E.R., 16 June 2005

Colombian Clandestine Communist Party (Partido Comunista Colombiano Clandestino)

image by Eugene Ipavec, 27 May 2006

There is a flag on plain red background, resembling the same colors as the Partido Comunista Colombiano (Colombian Communist Party). This flag is the flag of the PCCC, which stands for Partido Comunista Colombiano Clandestino (Colombian Clandestine Communist Party), an organization that runs parallel to Movimiento Bolivariano para la Nueva Colombia (Bolivarian Movement for the New Colombia). This PCCC organization is an organization created by the FARC in order to replace the original PCC (Colombian Communist Party) because the Farc believes that the PCC is not radical enough and does not consider armed struggle to reach power. The flag is, as I mentioned before, a plain recangular red flag, with the letters PCCC in black on the flag in diagonal form starting from the bottom left and ending on the top right, on the top right having a yellow hammer and sickle.
Sources: Resistencia - Farc online magazine at <>. ANNCOL - Farc news website at <>. Semana magazine edition October 1, 2001, page 52.
E.R., 27 May 2006

Unusual in a communist flag for the emblem to be in the fly.
Eugene Ipavec, 27 May 2006


image by Eugene Ipavec, 30 May 2006

I found a variant of the flag of the PCCC. This time the letters appear in white, plus the hammer and sickle (also in white). Background is plain red and the design resembles pretty much the flag of the PCC.
Source: <>.
E.R., 30 May 2006

Colombian Communist Party (Partido Comunista Colombiano)

image by E.R., 23 March 2005

PCC stands for Partido Comunista Colombiano (Colombian Communist Party). This organization was established in 1930. Its official website is <>.
E.R., 23 March 2005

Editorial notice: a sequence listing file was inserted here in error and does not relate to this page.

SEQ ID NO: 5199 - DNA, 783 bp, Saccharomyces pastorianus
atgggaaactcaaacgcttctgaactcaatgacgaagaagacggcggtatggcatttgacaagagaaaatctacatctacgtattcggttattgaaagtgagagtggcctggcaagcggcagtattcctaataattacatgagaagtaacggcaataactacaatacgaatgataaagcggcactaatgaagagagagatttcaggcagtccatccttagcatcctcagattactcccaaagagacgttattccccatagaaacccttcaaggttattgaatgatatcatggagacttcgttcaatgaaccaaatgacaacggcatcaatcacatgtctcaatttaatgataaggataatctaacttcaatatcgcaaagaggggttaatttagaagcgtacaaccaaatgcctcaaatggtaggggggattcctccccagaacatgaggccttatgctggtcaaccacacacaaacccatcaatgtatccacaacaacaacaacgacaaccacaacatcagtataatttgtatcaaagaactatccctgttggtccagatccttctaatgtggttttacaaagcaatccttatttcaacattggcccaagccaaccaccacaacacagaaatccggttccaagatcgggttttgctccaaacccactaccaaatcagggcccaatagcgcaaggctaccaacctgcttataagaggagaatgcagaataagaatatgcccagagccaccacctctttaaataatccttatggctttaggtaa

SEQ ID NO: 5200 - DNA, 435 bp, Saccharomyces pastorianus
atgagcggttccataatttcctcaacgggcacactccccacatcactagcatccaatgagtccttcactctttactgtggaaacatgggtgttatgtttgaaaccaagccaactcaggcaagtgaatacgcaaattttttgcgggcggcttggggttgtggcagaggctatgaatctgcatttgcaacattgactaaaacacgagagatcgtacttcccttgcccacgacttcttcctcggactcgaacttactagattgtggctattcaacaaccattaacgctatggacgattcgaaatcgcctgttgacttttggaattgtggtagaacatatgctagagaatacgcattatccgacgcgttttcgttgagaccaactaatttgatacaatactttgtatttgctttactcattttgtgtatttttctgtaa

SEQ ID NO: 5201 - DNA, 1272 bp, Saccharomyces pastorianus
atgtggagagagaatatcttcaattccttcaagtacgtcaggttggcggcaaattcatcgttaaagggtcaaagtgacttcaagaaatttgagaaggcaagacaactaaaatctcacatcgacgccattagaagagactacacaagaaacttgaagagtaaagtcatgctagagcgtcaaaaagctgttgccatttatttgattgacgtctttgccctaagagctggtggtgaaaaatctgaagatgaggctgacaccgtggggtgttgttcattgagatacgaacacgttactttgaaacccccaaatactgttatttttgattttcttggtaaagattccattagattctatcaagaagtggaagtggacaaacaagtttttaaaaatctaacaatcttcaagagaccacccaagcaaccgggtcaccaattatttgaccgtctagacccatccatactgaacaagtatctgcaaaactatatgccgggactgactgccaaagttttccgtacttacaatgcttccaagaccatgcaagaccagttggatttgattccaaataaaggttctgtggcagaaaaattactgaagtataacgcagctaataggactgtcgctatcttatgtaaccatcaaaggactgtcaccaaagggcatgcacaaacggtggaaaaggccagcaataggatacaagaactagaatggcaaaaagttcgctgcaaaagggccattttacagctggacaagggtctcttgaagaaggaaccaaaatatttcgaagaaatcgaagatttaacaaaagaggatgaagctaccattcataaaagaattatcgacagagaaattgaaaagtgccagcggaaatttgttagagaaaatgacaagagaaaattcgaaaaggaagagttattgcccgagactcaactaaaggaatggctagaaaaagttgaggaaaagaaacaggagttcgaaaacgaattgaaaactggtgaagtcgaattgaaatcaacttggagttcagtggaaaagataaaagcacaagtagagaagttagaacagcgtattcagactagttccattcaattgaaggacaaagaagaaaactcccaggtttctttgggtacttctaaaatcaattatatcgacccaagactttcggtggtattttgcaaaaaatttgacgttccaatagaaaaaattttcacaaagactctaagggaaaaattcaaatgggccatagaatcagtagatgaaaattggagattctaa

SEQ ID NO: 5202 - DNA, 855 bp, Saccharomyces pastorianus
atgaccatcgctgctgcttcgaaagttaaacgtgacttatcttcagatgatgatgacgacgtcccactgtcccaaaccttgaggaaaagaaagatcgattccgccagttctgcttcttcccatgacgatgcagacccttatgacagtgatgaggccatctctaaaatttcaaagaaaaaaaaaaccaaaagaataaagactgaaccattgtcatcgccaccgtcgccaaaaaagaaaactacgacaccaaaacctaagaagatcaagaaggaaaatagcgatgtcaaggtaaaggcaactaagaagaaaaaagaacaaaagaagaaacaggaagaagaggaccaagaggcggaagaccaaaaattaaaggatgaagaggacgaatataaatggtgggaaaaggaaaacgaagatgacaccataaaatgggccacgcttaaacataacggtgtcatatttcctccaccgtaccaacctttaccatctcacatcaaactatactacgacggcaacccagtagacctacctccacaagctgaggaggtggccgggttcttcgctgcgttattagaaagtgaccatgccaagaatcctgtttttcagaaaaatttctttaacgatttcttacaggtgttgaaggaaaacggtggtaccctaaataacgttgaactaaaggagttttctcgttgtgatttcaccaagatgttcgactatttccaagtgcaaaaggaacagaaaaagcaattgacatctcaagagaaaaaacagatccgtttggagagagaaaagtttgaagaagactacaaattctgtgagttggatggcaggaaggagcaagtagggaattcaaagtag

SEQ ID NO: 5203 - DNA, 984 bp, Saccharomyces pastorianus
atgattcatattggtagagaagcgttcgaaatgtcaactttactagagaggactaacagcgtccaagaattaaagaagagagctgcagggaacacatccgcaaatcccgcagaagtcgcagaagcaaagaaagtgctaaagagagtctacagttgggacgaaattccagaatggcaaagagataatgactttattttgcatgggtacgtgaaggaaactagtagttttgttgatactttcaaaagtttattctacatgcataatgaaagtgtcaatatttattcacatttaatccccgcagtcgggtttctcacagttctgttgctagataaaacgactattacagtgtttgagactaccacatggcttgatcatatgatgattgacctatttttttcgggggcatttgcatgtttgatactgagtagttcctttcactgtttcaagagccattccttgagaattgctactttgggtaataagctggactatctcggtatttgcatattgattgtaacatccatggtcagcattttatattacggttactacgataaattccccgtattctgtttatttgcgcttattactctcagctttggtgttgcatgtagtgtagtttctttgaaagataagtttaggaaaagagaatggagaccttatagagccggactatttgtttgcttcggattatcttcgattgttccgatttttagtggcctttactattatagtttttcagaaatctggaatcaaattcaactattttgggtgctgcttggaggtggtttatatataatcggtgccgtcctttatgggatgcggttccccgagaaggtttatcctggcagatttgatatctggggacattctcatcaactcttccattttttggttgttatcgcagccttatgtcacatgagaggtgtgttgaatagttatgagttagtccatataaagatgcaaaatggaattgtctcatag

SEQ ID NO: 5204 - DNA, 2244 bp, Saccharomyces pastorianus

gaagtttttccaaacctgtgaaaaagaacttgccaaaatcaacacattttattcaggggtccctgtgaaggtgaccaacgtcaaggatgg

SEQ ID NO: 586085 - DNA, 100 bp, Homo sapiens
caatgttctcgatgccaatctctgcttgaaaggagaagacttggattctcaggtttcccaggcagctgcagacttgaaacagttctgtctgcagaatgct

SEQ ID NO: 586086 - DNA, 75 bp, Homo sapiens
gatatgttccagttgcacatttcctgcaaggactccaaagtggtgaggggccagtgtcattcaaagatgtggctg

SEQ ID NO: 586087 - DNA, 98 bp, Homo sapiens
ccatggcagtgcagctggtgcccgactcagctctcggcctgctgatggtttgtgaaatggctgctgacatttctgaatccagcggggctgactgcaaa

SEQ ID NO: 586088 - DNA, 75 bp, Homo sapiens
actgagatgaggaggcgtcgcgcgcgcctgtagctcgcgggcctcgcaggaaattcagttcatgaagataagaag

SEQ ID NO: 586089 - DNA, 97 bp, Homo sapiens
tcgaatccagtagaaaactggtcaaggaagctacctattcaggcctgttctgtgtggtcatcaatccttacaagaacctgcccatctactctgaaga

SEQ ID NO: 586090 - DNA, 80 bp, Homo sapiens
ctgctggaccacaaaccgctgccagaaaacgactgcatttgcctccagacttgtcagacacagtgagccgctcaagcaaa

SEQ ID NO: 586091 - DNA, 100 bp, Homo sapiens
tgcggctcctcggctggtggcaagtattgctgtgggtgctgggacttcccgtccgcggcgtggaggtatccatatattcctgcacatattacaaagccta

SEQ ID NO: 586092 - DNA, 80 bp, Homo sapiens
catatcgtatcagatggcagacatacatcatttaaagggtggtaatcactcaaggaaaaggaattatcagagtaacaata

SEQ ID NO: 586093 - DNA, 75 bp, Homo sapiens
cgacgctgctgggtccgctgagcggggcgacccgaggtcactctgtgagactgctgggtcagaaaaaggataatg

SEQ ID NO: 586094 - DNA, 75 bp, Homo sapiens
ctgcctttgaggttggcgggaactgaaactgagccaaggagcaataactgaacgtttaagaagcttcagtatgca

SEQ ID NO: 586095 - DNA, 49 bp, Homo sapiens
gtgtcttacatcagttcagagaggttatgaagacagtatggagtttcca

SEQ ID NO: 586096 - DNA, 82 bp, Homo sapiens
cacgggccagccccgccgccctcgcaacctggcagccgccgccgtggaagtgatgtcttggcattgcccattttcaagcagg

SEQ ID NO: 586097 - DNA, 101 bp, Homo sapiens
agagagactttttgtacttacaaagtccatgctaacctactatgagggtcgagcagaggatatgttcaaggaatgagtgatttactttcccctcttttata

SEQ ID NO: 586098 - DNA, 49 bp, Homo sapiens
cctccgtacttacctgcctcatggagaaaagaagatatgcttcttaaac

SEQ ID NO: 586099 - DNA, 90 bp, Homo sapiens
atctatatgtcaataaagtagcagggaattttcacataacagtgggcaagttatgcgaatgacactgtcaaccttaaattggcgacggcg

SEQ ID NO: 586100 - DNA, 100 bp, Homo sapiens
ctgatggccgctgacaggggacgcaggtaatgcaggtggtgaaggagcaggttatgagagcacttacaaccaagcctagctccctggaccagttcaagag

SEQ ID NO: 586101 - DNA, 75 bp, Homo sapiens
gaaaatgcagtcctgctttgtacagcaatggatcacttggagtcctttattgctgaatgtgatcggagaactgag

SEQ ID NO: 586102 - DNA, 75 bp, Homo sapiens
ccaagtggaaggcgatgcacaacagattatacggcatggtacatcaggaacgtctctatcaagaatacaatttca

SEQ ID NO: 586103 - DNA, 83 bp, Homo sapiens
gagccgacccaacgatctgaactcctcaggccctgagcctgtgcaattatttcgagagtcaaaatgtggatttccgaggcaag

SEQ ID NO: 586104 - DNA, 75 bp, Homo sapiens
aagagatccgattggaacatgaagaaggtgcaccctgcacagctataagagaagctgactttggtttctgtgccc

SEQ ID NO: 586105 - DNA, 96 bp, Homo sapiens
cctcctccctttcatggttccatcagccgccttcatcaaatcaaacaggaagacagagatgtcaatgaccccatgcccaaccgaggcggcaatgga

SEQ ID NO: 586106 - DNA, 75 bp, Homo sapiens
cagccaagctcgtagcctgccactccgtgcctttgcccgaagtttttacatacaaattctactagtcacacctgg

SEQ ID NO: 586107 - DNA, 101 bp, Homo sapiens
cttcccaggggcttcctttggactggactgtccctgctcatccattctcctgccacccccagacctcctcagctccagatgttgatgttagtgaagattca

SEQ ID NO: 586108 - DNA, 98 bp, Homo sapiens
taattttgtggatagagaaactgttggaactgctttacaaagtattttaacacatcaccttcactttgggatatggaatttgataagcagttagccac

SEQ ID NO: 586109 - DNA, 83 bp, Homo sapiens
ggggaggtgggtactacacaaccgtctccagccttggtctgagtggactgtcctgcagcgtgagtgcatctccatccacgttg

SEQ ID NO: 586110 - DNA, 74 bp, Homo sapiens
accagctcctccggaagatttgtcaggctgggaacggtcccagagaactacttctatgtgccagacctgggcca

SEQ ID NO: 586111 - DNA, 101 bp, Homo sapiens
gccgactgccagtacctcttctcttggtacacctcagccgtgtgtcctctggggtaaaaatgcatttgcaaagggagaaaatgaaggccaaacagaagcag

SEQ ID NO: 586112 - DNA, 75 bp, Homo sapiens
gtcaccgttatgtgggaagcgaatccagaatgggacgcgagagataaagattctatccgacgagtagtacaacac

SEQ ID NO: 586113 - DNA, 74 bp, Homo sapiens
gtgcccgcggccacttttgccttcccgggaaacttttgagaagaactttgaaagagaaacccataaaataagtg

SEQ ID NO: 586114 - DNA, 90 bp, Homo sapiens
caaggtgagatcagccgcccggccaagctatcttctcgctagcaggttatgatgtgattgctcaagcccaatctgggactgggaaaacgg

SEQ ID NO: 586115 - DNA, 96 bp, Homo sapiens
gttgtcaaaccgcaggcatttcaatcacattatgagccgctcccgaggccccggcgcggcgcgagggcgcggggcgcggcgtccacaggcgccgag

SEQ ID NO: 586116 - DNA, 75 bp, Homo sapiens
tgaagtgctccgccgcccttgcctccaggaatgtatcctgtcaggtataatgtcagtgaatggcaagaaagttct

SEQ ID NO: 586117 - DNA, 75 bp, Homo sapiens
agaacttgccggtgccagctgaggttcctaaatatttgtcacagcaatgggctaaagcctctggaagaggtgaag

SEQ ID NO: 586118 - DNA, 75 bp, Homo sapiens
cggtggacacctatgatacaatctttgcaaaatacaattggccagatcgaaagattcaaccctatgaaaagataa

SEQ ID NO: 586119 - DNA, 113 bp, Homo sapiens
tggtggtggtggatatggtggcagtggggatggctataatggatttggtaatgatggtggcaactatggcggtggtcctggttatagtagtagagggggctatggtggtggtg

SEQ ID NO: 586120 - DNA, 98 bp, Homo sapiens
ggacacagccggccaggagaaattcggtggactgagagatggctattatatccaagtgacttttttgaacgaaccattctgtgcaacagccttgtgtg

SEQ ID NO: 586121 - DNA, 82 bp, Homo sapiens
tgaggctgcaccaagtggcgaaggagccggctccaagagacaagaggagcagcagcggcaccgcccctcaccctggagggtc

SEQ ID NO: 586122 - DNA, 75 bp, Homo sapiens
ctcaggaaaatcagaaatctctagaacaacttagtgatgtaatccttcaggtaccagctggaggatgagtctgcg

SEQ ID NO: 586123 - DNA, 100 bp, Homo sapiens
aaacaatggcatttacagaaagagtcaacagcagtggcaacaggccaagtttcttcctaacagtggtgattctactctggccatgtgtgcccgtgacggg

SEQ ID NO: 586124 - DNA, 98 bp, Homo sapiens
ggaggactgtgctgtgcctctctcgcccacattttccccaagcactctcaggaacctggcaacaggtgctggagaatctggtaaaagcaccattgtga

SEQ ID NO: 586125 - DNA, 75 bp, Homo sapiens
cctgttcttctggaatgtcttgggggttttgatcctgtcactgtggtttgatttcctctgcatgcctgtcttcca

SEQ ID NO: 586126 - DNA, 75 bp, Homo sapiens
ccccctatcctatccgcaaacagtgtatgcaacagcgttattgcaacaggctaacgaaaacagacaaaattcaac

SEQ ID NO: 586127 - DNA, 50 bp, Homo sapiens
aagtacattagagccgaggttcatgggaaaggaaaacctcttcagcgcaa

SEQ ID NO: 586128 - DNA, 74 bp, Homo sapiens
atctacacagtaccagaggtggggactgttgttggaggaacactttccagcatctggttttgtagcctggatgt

Colombian Communist Party - Maoist (Partido Comunista de Colombia - Maoísta)

image by Eugene Ipavec, 23 December 2005

The Partido Comunista de Colombia - Maoísta (Colombian Communist Party - Maoist) is a split group from the PCC (Colombian Communist Party). The PCC-M was established in 2001. It has an official wensite: <>. the PCC-M's flag is the same as the PCC's flag regarding ratio of the hammer and sickle.
E.R., 23 March and 23 December 2005

Colombian Communist Party - Marxist Leninist (Partido Comunista de Colombia - Marxista Leninist)

image by E.R., 23 March 2005

The Partido Comunista de Colombia - Marxista Leninista (Colombian Communist Party - Marxist Leninist) was a split group of the Colombian Communist Party, established in 1967. The armed wing of the PCC-ML was the EPL (Ejército Popular de Liberación).
E.R., 23 March 2005

Communist Revolution

In the 1960's communist revolutionaries in Columbia (FARC) proclaimed the Republics of Marquetalia and Riochiquitos, that is an experiment of comunist-countryman administration in Latin America.
The flag used was probably the FARC flag (red with the name?). But I found now the local flag of Marquetalia:
This is green borderes white. In the centre is a torch white and golden, with flamme yellow and red.
Another city of the territory is named MARULANDA, and this is the name of the FARC head, Manuel Marulanda named too "Tiro Fijo" (Fix Shooting). The flag of the city is black, white and green horizontal.
More information?
Jaume Olle , 24 November 1996

About the Communist Revolution and its flag, I'm not aware that they had a flag, but the actual Independent Republics were seven: Marquetalia (in the border between the Departments of Tolima and Huila), Río Chiquito (in the border between the Departments of Cauca and Huila), El Pato (in the Department of Caquetá), Guayabero, El Duda, Alto Ariari (all three of them in the Department of Meta) and Alto Sumapaz (in the border between the Departments of Meta, Cundinamarca and Tolima) Marquetalia being the most important. These existed from 1955 through 1965 but they became known in a Congress debate in 1964, and short afterwards there was a military operation against them. These 7 "Republics" were in an area plenty of mountains and forrest, along with tall hills and stuff, and they were pretty much together (if you have a Colombian map you can see that they are close to each other).
E.R., 19 January 1999